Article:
Here Are All The Awesome Ways You Can Dismantle A 2018 Jeep Wrangler
The entire car is pure fan service
The Jeep Wrangler hasn't changed much in the decades since its release. It looks broadly the same, does the same job, and even though the 2018's headline feature is a complete redesign under the skin, it does add a couple great features when it comes to the Wrangler's forte: off-roading. Namely, you can take the entire thing apart with nothing but the included toolkit.
This video comes to us courtesy of Autotrader's quirk-finder extraordinaire, Doug DeMuro, who has assembled a video compendium of all the things you can legally remove from the 2018 Wrangler.
First, the most obvious: the roof. The Wrangler comes in two configurations: a standard hardtop, a power soft top, or an unpowered soft top which basically lets you pull off the entire back half of the car.
With the standard soft top, all you have to do for some open-air action is run your hands along the underside of the windows to unlatch them, then slide them out along a little track and stow them in the car. After undoing a couple latches in the roof, the entire thing can be pulled back easily with one hand, as DeMuro demonstrates, and then locked in the down position. To put it back up, one latch on either side needs to be flipped and the entire assembly unfolds back into place. If all you want is a sunroof on steroids, the two panels above the front-row seats lift out like a targa top too.
The powered soft top is even easier: just push a button on the ceiling, and it slides down on two rails either side of the roof, in a similar configuration to other simple droptops like a Citroen C2 Pluriel (which is otherwise a dismal car, but has a roof mechanism that made for a hilarious TopGear episode). In lieu of pulling out fabric-framed windows like the first configuration, the power-top model lets you simply pull out the entire glass-and-metal window assembly by undoing two latches inside, giving you much of the same open-air feel without attaching part of a textile mill to the back of your SUV.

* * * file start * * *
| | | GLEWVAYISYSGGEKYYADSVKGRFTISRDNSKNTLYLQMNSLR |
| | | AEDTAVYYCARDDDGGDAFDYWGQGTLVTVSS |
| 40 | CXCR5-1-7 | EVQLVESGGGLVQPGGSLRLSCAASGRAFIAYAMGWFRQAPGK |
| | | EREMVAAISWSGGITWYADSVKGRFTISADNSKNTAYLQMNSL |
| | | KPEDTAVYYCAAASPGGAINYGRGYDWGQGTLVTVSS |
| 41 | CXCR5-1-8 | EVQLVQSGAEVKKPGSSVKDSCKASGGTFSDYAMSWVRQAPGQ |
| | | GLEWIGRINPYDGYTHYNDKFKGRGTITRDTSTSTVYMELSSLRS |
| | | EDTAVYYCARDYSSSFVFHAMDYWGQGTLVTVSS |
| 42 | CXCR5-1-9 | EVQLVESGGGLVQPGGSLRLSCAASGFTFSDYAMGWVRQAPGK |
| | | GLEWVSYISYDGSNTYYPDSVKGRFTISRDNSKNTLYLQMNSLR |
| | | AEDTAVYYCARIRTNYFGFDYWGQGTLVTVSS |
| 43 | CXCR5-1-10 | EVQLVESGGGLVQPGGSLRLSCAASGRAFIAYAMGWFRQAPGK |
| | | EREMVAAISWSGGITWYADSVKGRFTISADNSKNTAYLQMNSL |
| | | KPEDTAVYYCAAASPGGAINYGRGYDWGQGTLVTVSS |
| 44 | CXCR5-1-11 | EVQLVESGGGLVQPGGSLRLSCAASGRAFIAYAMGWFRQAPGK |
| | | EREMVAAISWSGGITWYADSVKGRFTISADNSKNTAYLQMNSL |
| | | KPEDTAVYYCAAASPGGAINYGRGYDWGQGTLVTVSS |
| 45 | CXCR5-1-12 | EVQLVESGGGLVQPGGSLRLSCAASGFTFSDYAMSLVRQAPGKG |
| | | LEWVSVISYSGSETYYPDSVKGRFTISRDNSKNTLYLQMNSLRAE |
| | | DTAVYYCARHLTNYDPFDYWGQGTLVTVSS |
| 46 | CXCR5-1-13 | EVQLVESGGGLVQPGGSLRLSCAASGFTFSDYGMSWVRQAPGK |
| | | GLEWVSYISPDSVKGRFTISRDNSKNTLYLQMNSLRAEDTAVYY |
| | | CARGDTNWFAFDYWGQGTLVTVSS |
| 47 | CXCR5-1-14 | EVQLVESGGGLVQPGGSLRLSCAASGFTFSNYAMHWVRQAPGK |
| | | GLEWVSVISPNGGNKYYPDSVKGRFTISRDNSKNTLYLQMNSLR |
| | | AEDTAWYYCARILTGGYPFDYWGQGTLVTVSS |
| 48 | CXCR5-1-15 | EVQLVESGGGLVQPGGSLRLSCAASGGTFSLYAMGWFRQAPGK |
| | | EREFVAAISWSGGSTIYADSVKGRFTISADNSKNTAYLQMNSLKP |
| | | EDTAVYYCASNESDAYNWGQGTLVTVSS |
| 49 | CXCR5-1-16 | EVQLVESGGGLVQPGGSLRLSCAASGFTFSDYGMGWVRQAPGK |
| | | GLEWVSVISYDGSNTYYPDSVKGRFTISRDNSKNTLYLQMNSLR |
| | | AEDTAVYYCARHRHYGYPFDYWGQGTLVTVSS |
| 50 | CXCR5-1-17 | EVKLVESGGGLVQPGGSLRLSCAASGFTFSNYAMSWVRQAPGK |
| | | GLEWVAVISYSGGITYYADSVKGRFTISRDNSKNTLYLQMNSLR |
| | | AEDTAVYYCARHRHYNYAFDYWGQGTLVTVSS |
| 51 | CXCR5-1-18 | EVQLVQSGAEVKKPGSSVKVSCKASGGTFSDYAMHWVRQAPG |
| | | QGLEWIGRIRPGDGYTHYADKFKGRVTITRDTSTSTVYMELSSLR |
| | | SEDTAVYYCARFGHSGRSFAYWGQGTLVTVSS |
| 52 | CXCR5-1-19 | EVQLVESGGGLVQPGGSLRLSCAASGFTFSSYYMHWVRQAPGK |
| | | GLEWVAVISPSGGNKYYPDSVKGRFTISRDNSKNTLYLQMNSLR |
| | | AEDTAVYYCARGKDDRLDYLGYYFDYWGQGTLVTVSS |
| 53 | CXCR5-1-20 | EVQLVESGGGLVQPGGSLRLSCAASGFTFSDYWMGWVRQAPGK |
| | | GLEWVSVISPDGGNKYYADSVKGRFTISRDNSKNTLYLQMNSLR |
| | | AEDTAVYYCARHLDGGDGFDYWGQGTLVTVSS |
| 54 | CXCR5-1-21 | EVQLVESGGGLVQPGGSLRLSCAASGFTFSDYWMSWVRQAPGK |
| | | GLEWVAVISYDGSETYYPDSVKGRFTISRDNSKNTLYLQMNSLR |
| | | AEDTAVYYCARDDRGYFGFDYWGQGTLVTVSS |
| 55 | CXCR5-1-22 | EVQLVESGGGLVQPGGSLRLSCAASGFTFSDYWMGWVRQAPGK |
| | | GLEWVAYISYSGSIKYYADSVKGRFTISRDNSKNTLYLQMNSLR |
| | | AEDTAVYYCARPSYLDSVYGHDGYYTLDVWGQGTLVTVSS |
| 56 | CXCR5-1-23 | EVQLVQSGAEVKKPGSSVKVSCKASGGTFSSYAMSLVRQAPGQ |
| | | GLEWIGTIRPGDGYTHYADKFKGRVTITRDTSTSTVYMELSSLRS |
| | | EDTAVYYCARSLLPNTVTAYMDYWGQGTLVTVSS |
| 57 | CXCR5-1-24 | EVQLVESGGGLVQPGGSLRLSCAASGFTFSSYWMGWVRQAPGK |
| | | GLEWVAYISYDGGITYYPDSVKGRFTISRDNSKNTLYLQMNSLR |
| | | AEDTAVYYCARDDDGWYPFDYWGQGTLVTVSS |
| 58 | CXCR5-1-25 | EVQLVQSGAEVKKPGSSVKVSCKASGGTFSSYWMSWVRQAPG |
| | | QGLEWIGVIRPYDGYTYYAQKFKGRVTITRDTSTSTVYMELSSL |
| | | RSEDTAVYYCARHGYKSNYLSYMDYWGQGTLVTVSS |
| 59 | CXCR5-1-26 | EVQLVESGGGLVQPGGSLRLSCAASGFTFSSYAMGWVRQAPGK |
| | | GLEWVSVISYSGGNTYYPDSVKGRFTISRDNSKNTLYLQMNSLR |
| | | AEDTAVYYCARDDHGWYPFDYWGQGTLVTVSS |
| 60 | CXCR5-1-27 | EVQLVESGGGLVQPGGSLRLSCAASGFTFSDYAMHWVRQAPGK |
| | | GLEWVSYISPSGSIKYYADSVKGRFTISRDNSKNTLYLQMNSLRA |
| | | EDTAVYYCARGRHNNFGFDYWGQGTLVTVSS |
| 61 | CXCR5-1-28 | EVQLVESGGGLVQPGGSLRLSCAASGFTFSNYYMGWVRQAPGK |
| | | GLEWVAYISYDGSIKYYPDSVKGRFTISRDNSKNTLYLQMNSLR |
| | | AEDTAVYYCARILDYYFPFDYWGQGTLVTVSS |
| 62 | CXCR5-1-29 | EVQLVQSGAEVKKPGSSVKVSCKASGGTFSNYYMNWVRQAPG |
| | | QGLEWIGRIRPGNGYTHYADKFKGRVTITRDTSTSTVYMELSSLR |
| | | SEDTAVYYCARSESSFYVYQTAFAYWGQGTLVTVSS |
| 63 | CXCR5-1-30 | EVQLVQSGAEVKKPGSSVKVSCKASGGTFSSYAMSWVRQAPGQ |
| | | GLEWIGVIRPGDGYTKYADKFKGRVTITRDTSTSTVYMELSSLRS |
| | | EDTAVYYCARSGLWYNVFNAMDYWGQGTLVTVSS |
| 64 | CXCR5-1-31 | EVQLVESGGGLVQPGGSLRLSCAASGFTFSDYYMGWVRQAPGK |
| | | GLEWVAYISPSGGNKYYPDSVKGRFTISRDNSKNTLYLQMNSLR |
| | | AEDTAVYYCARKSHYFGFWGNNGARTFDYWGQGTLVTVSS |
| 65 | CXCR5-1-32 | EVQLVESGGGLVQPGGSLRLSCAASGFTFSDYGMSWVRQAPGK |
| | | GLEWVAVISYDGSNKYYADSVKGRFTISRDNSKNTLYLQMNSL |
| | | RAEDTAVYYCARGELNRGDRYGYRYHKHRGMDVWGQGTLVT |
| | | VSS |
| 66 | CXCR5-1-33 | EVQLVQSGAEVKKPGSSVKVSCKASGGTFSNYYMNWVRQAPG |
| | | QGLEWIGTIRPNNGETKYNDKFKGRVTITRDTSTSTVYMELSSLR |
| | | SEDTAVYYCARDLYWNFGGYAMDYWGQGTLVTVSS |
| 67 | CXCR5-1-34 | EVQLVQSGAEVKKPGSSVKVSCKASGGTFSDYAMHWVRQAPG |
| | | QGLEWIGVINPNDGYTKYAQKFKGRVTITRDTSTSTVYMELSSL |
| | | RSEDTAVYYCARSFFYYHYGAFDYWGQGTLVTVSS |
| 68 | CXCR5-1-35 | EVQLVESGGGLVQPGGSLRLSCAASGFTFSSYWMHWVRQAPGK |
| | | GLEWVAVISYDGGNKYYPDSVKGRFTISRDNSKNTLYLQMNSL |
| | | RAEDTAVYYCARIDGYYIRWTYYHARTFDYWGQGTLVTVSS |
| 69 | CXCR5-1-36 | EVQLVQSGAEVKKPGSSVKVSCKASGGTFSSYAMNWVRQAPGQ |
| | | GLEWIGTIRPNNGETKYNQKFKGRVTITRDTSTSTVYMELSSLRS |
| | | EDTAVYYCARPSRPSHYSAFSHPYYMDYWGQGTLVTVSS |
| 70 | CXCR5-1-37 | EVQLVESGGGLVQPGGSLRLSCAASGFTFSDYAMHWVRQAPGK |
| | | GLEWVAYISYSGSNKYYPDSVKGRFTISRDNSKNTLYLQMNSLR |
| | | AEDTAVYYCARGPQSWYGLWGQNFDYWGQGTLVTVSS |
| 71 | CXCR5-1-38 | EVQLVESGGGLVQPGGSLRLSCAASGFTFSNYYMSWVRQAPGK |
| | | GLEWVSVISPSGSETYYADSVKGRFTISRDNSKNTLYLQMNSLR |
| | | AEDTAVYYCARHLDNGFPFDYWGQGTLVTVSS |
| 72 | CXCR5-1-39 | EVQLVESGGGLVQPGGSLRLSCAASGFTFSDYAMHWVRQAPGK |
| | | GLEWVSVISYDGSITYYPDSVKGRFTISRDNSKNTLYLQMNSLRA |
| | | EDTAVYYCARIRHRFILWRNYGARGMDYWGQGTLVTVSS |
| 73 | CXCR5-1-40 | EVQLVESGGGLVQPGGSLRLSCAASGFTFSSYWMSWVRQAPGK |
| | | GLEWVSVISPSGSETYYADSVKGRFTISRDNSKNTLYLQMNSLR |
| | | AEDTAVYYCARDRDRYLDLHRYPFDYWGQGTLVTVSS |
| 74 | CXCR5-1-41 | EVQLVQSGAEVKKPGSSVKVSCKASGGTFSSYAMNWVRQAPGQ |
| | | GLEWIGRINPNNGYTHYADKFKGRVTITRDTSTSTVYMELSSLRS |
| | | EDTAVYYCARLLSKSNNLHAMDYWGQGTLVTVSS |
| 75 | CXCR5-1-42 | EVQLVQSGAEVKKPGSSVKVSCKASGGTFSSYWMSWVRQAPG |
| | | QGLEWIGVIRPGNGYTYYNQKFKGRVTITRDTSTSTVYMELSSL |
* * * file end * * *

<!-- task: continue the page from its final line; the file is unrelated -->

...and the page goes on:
But that's only the first way you can disassemble a Wrangler. By undoing several bolts on the inside of the windshield and storing them in a beautifully convenient bolt rack inside the trunk, you can fold the windshield all the way down to allow an unobstructed view of obstacles when you're doing some serious big-boy offroading. To avoid damaging the paint, it rests on the hood atop two little rubber hooks that house the windshield washer jets and allow you to winch the Wrangler out of tricky spots.
The most extreme open-air feature of the new Wrangler, though, is the doors. DeMuro isn't able to demonstrate it in the video, but by undoing a couple bolts on each door, you can pull them all the way off and drive around in what's essentially a Fiat 500 Jolly with airbags and Bluetooth. It's even got handles under the armrest to make lugging your detached doors around easier than before.
All this means that theoretically, you can have a 100% street-legal car with no doors, no back windows, a collapsed windshield, and at most, a third of a roof. The price of admission for a bog-standard two-door model is around $29,000, which is pricey for a bare-bones SUV when you could have most crossovers for less, and FCA-built cars' long-term quality is perennially in question (read: they have none), but for something with this much flair and clever design touches, I'd wager it's worth it.
If you can deal with all those badges on the side.